A fundamental of everyday eating, the tortilla can be found virtually everywhere in Guatemala. Residents of the region have been eating tortillas for at least 3500 years. The Mayan creation myth even tells of the gods making humans out of various substances until they found one that was successful - corn. In Mayan culture, a meal is not complete unless it includes some kind of corn. In fact, the words for “tortilla” and “to eat” are almost identical.


Mesoamericans made tortillas from maize that had been nixtamalized, or soaked in an alkaline mixture, usually lime. Although historians do not know when or how nixtamalized maize became a dietary staple, we do know that through using this preparation of the grain, the nutritional value of the corn is released for human absorption of niacin, B vitamins, and amino acids. Without this process, it is impossible to live on corn as a main food source. People who consume a large amount of maize that has not been nixtamalized suffer from pellagra, birth defects, and even death. When Columbus brought maize back to Europe and Africa and it was consumed widely without the traditional preparation, the result was a devastating epidemic of pellagra which remained a medical mystery for centuries. Though they did not have the benefit of modern nutritional information, the Mayans and other Mesoamerican peoples developed and used this fundamental process for corn thousands of years before the Spanish arrived in the New World.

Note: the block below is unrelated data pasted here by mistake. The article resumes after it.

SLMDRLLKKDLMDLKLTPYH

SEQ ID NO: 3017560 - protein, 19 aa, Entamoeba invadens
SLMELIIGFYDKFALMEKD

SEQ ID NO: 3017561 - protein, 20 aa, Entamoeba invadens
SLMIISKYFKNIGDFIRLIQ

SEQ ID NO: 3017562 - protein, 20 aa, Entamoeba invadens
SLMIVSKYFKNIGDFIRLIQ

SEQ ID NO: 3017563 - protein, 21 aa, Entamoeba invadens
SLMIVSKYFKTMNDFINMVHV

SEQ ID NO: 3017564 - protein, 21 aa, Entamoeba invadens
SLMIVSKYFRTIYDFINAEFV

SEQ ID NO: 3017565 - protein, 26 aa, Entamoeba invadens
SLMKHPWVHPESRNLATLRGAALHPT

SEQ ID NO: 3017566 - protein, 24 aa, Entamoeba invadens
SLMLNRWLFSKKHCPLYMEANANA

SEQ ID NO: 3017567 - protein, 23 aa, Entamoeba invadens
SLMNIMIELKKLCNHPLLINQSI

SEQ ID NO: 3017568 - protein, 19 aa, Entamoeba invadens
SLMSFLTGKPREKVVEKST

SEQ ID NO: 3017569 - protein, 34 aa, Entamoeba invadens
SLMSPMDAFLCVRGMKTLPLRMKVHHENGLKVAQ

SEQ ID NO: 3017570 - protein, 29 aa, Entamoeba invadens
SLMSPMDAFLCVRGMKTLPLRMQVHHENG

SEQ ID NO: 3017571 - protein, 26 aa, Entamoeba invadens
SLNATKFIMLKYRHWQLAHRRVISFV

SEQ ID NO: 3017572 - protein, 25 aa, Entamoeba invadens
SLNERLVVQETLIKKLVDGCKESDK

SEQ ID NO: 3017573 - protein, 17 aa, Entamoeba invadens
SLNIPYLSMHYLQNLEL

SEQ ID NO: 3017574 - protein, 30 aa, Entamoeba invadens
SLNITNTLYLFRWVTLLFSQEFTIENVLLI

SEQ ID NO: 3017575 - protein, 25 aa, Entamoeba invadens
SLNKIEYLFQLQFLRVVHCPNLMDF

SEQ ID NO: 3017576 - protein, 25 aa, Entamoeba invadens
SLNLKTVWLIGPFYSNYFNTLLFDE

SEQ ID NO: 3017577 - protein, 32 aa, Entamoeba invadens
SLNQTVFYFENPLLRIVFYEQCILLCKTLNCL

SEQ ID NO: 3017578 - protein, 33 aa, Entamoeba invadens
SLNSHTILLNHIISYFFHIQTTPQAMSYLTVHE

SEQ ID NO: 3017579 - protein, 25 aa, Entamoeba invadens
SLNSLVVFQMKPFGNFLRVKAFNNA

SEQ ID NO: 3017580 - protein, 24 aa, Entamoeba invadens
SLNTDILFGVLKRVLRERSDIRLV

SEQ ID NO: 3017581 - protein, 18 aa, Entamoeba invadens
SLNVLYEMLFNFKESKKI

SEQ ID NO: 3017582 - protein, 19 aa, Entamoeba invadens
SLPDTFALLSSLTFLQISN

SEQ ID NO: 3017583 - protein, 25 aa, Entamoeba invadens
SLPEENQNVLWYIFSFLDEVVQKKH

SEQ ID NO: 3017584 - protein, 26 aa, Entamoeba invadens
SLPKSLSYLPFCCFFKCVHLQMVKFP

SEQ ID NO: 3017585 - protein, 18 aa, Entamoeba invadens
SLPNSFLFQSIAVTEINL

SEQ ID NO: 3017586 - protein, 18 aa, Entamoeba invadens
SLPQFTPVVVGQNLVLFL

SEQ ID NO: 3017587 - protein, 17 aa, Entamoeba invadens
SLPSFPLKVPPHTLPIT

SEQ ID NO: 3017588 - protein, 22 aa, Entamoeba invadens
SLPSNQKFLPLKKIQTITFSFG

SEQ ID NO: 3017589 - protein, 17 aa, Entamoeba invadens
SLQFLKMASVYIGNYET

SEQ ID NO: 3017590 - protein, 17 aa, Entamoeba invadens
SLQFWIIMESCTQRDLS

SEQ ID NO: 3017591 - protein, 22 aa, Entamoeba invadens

Try your hand at making the thick, delicious tortillas of Guatemala. You don’t have to boil your own maize in limewater -- a simple trip to a Latin grocery store will yield a bag of masa harina, or nixtamalized corn flour. The ingredients are simple - flour, water, salt, and a little love.  It may take some practice to get the technique down, but that’s half the fun!


Guatemalan Tortillas

Yield: 16 medium tortillas


Ingredients:

2 cups masa harina

1 ¼ cups water

¼ teaspoon salt


Directions:


1. In a large bowl, mix the flour, water, and salt until a soft ball forms. Continue kneading until the mixture has the consistency of play-dough. Cover and allow the dough to rest for ten minutes.

2. Divide the dough into sixteen pieces of equal size and roll them into small balls. Keep the dough covered with a damp towel to keep them from drying out.

3. Shape the tortillas by clapping the ball back and forth between your hands. If you’d rather, you can roll them with a rolling pin between two pieces of plastic wrap, or use a tortilla press. Just remember that to be authentic Guatemala style tortillas, they should not be too thin (at least ¼ inch thick).

4. On a preheated griddle or large skillet over medium-high heat, cook tortillas for about one minute per side. When they are ready, there will be small black spots and the tortillas should easily come off the cooking surface without sticking.

5. As you finish cooking the tortillas, remove them to a plate or basket; cover and keep warm.


Serve warm and enjoy! Try the tortillas by themselves with butter or guacamole, or as a side with black beans or stew.


Nutrition: Vital Support